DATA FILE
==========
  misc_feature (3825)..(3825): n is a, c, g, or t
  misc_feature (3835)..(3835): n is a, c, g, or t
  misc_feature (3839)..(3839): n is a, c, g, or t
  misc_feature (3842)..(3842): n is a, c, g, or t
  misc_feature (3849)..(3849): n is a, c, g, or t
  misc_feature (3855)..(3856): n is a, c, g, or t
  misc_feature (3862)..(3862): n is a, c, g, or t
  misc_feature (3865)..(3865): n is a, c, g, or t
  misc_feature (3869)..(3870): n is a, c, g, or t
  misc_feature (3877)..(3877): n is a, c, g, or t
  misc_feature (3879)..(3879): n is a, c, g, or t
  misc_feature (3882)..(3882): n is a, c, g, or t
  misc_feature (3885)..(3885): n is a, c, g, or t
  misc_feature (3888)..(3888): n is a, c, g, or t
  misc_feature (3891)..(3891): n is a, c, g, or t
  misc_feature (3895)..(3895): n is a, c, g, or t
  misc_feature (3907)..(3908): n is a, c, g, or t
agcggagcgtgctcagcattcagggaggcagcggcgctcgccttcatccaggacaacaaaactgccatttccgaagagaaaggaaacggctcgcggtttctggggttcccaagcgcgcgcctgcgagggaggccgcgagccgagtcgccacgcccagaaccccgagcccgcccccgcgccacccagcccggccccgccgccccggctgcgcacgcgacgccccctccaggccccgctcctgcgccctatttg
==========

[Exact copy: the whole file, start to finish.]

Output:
  misc_feature (3825)..(3825): n is a, c, g, or t
  misc_feature (3835)..(3835): n is a, c, g, or t
  misc_feature (3839)..(3839): n is a, c, g, or t
  misc_feature (3842)..(3842): n is a, c, g, or t
  misc_feature (3849)..(3849): n is a, c, g, or t
  misc_feature (3855)..(3856): n is a, c, g, or t
  misc_feature (3862)..(3862): n is a, c, g, or t
  misc_feature (3865)..(3865): n is a, c, g, or t
  misc_feature (3869)..(3870): n is a, c, g, or t
  misc_feature (3877)..(3877): n is a, c, g, or t
  misc_feature (3879)..(3879): n is a, c, g, or t
  misc_feature (3882)..(3882): n is a, c, g, or t
  misc_feature (3885)..(3885): n is a, c, g, or t
  misc_feature (3888)..(3888): n is a, c, g, or t
  misc_feature (3891)..(3891): n is a, c, g, or t
  misc_feature (3895)..(3895): n is a, c, g, or t
  misc_feature (3907)..(3908): n is a, c, g, or t
agcggagcgtgctcagcattcagggaggcagcggcgctcgccttcatccaggacaacaaaactgccatttccgaagagaaaggaaacggctcgcggtttctggggttcccaagcgcgcgcctgcgagggaggccgcgagccgagtcgccacgcccagaaccccgagcccgcccccgcgccacccagcccggccccgccgccccggctgcgcacgcgacgccccctccaggccccgctcctgcgccctatttg